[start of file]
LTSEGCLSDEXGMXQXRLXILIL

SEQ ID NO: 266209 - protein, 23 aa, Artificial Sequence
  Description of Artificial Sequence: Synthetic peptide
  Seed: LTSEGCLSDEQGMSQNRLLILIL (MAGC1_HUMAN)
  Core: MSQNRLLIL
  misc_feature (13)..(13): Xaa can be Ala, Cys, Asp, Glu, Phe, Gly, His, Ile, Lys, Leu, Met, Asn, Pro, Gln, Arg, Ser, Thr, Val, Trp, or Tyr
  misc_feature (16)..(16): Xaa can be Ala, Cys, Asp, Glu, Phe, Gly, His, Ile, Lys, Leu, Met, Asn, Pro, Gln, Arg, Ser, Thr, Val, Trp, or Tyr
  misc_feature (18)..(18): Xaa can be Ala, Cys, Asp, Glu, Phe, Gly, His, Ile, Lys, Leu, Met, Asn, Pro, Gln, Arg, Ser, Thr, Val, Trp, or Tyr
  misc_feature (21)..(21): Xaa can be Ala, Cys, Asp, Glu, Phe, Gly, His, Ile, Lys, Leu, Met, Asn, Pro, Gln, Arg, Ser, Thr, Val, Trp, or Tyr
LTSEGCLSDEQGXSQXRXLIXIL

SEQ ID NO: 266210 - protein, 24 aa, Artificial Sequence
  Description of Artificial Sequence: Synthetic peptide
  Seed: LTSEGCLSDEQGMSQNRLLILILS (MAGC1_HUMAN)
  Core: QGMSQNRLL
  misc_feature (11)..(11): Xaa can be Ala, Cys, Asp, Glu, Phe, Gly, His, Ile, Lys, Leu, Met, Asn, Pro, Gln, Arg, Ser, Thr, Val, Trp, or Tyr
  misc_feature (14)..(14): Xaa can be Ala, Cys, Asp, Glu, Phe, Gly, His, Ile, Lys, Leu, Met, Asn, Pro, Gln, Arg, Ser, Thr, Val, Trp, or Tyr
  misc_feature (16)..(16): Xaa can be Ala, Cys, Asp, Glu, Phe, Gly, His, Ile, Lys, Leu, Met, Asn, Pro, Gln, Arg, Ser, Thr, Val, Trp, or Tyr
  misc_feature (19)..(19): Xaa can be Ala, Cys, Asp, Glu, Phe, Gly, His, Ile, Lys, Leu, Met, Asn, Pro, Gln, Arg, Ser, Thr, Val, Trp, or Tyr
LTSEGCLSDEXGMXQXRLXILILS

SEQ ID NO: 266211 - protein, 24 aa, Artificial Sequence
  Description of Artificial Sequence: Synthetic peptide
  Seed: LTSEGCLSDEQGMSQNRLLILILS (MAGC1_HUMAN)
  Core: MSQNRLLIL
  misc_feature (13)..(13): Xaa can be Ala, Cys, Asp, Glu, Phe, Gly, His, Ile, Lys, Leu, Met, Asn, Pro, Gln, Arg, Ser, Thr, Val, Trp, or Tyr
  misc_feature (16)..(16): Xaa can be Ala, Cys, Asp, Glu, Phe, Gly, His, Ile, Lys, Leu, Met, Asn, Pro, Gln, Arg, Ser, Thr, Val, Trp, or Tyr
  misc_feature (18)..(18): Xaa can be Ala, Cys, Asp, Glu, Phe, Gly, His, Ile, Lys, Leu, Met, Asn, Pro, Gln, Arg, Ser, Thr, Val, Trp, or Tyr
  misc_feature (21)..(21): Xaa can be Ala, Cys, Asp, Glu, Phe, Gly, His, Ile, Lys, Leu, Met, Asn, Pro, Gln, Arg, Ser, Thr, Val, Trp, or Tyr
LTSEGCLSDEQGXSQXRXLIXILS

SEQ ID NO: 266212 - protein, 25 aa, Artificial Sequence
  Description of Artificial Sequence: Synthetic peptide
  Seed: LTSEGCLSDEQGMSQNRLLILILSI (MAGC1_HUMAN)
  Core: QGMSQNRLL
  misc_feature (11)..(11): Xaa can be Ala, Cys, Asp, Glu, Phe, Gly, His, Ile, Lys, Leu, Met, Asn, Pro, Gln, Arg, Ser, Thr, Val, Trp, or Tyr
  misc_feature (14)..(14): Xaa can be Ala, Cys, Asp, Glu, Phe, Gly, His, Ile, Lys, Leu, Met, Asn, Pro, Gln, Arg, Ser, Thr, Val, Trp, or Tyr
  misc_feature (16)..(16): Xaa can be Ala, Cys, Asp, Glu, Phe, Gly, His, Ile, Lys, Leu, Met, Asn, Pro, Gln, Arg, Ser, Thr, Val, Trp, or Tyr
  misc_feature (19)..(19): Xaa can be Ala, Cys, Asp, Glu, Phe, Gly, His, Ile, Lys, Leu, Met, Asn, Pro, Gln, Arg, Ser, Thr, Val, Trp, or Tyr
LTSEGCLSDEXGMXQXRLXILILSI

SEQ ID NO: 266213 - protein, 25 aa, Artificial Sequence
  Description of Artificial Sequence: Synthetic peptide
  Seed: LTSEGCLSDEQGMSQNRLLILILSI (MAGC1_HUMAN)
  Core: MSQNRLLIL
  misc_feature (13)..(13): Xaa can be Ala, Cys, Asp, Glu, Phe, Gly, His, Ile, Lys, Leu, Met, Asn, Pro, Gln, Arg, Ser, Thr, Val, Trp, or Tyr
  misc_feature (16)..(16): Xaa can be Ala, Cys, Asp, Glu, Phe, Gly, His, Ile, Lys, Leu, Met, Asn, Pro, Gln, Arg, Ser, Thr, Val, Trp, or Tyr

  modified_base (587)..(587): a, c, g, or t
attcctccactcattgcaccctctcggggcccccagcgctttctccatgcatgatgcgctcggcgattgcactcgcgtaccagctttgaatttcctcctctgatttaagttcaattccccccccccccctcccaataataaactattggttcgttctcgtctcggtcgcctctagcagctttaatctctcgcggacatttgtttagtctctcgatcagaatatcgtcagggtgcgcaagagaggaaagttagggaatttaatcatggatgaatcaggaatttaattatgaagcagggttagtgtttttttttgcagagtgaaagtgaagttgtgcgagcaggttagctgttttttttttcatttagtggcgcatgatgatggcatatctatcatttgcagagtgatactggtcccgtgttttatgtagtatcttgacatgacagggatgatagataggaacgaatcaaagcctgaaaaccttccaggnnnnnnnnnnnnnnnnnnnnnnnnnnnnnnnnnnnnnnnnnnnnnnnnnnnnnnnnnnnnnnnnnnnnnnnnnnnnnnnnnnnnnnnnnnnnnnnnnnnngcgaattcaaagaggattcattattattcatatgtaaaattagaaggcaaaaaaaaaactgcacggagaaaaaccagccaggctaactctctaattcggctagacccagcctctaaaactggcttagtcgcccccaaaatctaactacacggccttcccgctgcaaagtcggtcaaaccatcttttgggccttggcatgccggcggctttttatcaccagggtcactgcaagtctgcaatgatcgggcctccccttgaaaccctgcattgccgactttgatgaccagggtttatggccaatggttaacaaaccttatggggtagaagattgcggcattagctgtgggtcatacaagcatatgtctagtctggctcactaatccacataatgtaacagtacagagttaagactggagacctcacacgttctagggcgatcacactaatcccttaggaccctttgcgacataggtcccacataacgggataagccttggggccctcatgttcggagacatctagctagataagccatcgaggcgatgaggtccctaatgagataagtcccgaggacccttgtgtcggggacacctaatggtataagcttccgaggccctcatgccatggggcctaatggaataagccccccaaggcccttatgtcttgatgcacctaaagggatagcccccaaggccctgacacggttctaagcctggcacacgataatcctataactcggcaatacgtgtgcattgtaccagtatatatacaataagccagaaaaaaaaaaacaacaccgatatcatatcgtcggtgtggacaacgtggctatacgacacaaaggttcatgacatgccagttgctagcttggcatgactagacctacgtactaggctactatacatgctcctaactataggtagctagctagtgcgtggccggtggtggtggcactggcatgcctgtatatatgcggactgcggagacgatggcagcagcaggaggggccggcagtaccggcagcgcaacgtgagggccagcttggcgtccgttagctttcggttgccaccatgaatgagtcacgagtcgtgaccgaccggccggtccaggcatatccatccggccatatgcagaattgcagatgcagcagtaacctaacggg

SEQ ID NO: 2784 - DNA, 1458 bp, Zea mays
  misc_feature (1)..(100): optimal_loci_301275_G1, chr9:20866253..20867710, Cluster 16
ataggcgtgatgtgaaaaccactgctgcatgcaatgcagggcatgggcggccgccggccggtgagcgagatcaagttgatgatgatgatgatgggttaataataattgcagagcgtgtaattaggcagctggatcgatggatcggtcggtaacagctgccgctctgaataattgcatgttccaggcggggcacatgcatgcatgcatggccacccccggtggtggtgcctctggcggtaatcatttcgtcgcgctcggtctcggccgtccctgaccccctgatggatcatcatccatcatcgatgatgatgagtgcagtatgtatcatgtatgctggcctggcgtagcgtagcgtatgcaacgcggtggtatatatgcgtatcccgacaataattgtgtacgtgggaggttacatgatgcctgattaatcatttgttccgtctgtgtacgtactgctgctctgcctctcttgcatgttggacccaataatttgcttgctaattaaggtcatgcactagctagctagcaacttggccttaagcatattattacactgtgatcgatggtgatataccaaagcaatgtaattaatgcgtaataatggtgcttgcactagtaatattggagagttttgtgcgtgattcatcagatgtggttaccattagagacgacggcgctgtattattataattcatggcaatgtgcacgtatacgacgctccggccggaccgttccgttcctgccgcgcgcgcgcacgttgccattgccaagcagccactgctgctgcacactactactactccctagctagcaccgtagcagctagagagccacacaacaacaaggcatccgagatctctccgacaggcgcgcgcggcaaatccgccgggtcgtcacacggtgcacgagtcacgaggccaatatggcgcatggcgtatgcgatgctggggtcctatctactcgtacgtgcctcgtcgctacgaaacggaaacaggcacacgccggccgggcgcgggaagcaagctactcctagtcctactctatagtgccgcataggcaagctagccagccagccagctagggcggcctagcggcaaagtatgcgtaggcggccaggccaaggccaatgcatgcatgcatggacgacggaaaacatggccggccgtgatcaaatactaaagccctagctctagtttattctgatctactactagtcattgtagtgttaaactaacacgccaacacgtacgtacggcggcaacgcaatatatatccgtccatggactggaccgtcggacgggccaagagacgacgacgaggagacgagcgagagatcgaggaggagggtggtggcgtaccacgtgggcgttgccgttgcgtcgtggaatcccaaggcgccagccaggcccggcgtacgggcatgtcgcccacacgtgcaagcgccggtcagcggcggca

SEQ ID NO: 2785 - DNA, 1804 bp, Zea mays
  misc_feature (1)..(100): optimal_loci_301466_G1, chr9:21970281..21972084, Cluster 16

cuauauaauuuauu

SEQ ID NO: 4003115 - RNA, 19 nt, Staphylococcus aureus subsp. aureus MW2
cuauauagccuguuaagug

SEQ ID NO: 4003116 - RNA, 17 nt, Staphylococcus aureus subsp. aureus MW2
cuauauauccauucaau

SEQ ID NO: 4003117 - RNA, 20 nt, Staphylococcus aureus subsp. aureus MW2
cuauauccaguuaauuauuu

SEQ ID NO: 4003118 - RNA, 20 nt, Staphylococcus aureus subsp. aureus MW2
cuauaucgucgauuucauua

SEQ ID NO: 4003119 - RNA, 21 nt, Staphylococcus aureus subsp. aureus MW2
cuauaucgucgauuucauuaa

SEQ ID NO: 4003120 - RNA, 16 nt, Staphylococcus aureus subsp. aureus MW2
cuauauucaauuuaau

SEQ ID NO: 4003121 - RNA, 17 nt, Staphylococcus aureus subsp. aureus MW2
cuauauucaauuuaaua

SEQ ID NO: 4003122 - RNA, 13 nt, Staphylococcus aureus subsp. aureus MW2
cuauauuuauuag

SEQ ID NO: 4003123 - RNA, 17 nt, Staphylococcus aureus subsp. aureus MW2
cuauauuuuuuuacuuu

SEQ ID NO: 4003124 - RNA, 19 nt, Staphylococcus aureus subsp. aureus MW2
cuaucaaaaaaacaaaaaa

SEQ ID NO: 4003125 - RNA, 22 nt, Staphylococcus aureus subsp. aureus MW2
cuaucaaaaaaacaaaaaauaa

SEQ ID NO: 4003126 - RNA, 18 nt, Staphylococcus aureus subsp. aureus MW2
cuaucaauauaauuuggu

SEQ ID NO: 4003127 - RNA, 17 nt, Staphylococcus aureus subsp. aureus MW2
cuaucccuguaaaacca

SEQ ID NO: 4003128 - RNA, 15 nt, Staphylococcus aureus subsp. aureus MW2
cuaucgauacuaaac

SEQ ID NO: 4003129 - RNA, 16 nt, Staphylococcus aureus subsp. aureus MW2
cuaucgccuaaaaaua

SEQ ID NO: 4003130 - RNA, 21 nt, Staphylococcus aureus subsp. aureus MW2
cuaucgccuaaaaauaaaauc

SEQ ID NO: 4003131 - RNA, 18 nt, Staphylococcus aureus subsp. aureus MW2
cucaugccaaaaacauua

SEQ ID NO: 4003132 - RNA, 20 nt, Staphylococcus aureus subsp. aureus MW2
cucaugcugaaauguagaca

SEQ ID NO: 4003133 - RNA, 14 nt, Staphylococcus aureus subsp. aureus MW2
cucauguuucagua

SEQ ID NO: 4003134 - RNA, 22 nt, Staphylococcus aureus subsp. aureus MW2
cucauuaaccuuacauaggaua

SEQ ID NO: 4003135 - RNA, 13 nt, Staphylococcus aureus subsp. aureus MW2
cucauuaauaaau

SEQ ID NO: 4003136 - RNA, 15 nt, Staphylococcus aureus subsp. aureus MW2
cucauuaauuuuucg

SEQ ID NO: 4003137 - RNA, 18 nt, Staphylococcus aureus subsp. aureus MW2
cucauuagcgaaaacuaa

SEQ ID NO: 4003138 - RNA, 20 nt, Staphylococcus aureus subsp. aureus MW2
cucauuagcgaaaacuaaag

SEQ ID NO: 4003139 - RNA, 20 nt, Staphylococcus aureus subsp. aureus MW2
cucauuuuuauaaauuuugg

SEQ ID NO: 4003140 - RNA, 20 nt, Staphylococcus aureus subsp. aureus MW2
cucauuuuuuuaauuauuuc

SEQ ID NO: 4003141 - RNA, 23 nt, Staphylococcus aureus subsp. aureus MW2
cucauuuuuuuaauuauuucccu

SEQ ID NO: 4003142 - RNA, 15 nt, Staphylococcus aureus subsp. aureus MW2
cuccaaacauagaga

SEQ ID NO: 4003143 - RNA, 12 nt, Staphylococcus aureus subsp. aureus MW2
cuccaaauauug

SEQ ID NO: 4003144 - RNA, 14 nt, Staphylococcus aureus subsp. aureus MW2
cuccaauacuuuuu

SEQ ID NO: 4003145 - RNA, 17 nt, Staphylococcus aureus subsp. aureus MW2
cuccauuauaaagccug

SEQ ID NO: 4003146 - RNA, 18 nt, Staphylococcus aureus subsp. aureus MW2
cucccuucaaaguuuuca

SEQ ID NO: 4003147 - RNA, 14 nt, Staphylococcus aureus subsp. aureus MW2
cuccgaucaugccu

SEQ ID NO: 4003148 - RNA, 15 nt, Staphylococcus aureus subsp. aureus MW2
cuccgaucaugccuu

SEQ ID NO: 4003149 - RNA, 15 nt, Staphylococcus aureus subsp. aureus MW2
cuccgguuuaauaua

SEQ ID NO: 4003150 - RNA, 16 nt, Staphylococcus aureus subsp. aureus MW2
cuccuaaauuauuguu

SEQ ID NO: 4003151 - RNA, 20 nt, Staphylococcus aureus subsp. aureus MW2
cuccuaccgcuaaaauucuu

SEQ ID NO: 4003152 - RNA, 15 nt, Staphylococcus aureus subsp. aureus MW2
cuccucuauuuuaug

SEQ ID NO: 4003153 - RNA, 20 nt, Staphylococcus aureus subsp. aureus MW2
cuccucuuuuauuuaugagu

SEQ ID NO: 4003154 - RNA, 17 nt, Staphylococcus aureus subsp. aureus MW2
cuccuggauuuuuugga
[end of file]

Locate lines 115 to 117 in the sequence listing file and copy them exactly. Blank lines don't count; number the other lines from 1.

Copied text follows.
cucccuucaaaguuuuca

SEQ ID NO: 4003147 - RNA, 14 nt, Staphylococcus aureus subsp. aureus MW2
cuccgaucaugccu